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Alas, the Jets already had lost their No. 1 draft pick by signing Syracuse wide receiver Rob Moore in the supplementary draft. Their first choice was in the second round, 34th overall. The Atlanta Falcons picked Favre with the 33rd pick and gave him a three-year contract worth $1.2 million. It wasn't until the next year, when Wolf had moved along to become the Packers' general manager, that he finally could make his move. On Feb. 10, 1992, Wolf traded the Pack's first pick to Atlanta, for which Favre had thrown only five passes all season playing third-string. Wolf was told he was crazy.
" 'Have your lost your mind?" was what most people said," Wolf says. "I just really liked him. He has that unexplainable something about him."
The '92 season turned out better than Favre or even Wolf could have expected. When Majkowski went down with sprained ligaments in his left ankle, the prognosis was that he would miss two weeks, maybe four. Favre came into the lineup, won two games and simply rolled. Natural. He finished with 302 completions for 3,227 yards and 18 TDs. He was sixth in the league in completion percentage, third in interception rate.
He also showed durability and resourcefulness. In the first half of his seventh start his left shoulder was separated in a hit delivered by White, then with the Philadelphia Eagles. It was a brutal play. Favre had thrown his pass and could see the collision coming. He turned his body to absorb it. White grabbed his hand and yanked him back the other way to make him vulnerable. The two men landed together. Favre's shoulder was the point of impact. It was a play designed to do what it did—to hurt him, hopefully to put him out of the game—not to stop the pass. He stayed in the game, shot up with a painkiller at halftime, but could not lift his arm as high as his shoulder and could not hand off to the left. The Eagles and the rest of the teams on the Packers' schedule saw his difficulty and worked on it. The shoulder hurt for the rest of the season, but he still played.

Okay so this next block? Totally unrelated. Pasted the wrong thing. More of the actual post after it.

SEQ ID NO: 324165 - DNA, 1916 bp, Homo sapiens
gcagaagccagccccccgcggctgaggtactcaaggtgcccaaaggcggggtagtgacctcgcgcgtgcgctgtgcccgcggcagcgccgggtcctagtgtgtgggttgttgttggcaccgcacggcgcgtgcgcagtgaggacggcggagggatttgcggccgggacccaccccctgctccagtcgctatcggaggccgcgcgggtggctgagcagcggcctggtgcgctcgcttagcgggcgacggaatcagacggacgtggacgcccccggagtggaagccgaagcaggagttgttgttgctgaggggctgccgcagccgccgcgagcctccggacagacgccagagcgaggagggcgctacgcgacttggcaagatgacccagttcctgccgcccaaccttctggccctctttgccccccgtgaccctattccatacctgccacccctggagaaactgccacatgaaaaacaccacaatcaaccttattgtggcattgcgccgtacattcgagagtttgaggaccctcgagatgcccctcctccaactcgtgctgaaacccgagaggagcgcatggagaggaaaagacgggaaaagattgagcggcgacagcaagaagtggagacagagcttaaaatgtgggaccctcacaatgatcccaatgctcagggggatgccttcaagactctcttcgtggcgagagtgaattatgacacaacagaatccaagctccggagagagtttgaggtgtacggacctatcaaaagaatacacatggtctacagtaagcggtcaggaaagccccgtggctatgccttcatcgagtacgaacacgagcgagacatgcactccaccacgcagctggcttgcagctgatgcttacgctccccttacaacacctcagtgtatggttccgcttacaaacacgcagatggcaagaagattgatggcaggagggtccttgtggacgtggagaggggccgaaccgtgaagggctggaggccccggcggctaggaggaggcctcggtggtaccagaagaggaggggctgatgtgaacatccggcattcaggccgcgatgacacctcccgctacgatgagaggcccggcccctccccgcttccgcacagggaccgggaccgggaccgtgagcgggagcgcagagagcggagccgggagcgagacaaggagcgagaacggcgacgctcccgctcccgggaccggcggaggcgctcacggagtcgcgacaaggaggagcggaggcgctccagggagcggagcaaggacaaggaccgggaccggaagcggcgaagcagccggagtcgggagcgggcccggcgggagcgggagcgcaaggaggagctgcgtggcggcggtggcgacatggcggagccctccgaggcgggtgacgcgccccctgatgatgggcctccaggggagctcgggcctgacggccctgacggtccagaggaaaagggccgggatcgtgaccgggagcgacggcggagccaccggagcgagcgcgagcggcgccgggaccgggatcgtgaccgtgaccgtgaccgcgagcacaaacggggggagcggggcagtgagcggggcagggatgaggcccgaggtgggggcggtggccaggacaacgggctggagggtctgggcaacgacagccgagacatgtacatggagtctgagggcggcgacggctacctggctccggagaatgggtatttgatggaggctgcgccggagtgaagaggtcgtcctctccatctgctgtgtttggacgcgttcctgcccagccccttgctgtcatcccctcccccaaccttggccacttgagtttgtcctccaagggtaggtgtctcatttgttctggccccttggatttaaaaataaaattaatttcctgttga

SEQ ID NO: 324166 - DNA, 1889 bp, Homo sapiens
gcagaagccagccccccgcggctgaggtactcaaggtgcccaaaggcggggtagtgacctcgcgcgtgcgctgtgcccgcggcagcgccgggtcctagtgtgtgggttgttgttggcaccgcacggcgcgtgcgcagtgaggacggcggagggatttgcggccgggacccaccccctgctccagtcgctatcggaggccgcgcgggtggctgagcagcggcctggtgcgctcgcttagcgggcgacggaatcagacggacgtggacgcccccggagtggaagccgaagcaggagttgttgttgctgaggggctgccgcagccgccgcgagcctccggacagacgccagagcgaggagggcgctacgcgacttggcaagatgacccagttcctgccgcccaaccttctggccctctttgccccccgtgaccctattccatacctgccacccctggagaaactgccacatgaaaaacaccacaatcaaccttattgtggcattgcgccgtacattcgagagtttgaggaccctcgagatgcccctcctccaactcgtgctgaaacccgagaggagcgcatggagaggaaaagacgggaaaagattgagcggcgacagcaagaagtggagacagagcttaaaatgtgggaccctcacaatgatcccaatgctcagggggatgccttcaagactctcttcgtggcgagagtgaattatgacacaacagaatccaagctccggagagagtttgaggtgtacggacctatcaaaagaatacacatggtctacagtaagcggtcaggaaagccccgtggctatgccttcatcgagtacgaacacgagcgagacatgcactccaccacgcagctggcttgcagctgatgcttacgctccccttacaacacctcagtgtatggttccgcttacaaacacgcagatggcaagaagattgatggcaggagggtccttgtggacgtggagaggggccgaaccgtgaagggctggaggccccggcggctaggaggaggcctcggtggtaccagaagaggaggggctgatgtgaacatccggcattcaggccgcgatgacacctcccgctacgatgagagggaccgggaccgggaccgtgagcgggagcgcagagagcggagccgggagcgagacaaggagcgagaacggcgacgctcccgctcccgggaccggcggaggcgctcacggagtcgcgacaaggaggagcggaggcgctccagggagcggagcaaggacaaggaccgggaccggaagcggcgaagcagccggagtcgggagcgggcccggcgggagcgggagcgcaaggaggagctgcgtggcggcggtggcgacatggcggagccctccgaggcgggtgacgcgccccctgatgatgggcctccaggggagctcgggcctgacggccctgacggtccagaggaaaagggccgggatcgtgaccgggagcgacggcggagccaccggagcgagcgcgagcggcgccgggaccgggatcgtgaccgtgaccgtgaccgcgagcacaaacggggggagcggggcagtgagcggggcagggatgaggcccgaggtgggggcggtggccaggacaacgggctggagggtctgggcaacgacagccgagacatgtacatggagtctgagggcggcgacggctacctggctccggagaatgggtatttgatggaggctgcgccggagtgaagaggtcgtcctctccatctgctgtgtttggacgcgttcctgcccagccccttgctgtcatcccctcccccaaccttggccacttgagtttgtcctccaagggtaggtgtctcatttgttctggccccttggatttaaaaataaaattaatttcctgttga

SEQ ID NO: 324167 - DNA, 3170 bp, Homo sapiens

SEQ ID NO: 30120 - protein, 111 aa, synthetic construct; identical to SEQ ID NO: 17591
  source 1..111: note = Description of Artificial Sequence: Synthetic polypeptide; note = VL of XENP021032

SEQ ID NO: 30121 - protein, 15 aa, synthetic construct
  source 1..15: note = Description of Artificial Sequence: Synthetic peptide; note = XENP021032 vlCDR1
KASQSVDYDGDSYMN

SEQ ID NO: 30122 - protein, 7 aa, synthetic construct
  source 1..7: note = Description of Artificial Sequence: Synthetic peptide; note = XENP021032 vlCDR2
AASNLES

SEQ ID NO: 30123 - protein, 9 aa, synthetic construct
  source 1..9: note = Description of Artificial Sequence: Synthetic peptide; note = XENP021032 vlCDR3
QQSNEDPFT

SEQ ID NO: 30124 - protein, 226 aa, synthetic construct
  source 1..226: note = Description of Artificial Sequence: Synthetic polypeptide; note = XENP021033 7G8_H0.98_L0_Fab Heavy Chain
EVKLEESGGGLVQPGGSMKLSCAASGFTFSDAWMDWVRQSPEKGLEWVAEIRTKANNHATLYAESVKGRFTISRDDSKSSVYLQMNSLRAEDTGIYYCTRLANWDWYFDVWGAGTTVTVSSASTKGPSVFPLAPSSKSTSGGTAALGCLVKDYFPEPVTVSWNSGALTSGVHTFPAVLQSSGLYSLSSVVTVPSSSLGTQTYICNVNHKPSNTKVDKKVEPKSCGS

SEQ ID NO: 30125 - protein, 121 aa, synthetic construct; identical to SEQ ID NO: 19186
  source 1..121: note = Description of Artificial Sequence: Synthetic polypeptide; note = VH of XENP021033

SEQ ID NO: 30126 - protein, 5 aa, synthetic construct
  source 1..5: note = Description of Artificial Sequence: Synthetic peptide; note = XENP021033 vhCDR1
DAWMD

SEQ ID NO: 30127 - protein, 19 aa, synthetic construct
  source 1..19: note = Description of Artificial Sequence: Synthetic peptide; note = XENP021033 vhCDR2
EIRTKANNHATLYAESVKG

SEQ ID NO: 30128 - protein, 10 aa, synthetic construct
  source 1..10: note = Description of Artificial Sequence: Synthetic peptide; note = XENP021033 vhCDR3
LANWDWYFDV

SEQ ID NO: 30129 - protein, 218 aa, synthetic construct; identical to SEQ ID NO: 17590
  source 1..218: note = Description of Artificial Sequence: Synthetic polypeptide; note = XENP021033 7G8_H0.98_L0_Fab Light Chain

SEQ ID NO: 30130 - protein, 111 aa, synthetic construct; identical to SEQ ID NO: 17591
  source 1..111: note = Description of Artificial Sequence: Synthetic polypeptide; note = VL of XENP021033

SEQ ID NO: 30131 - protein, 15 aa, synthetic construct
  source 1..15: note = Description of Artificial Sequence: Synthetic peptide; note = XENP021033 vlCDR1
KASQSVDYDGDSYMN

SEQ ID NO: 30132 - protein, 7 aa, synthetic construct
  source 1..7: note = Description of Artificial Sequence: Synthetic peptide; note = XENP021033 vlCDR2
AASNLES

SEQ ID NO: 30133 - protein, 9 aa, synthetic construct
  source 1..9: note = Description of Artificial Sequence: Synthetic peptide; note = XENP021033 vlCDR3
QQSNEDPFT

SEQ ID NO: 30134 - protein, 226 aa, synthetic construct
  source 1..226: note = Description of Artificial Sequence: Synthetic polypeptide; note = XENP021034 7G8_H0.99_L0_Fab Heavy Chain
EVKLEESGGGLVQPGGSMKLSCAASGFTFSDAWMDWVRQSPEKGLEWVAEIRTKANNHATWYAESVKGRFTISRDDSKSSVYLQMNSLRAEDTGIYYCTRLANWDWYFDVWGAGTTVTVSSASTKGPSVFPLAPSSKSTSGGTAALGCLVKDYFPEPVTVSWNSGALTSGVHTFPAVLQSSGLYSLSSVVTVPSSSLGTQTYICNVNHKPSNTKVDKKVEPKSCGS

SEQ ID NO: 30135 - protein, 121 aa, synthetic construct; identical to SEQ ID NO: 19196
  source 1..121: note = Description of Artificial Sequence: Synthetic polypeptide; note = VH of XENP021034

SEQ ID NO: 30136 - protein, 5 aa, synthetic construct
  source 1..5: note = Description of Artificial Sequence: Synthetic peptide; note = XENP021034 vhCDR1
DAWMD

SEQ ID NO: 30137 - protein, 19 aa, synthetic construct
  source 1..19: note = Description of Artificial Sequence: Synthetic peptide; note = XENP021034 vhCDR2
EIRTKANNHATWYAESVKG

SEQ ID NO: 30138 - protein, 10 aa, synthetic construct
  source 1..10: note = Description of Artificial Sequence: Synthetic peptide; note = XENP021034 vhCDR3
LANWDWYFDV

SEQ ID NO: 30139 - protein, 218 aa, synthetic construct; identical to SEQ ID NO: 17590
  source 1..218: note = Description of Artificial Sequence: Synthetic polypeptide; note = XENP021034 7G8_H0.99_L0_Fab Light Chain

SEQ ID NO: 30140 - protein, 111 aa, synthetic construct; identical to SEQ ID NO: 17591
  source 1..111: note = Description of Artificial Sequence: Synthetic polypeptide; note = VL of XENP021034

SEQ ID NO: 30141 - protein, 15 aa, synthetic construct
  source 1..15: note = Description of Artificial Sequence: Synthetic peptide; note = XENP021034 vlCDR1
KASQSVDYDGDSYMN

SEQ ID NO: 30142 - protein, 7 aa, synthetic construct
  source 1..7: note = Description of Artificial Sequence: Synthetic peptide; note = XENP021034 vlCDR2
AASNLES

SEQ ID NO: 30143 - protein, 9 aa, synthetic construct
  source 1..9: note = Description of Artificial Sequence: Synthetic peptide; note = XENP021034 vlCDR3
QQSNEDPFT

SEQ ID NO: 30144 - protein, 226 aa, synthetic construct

"Now Reggie's with us," Favre says. "I talked with him at minicamp. He said he thought for sure he had put me out. I told him I just about thought he had too. Then he put his arm around me. He told me not to worry, that this year we were on the same side. I liked that."
The shoulder, still healing, still hurts. It should be better by the start of the season.
"SPORTS ILLUSTRATED," Favre says, packing for the trip to Pittsburgh. "In my junior year a writer came down to Southern Miss to do an article for SPORTS ILLUSTRATED. He said he wasn't sure the article would be in, but if we beat Florida State in our opener, he was pretty sure it would make it. We go out. We pull the upset. All I'm thinking about the last few minutes on the field is, God, I'm going to be in SPORTS ILLUSTRATED."
The article never appeared—Southern Miss went on a four-game losing streak after the upset—but so be it. SPORTS ILLUSTRATED. He will be in there now. It will mention the new house he has added to the colony on Irvin Farve Road. Though there is an apartment on the second floor that he will use sometimes, it is not his house. It is a family house. A party house with a swimming pool. It has changing rooms, a big-screen TV, a pool table and video games, a room with a Jacuzzi, a full kitchen to prepare party foods and a deck large enough to hold as many people as might show up at any one time.
"We've already had parties there," Favre says. "Nothing planned. They just happen. A couple of weeks ago we started on Thursday, and by Saturday there were over 100 people on the deck."
This night's plans seem to be taking shape. Favre is going to New Orleans, where he will take a hotel room so he can make his 6:30 a.m. flight to Pittsburgh. Clark, the friend, is going along for the ride to New Orleans and to spend the night partying. Mark, the other friend, also is going. Jeff, the younger brother, is not going. Back from college, he is going to look around the area for some friends and some action. Scott, the older brother, also is not going, because he is in Hattiesburg taking a real estate course.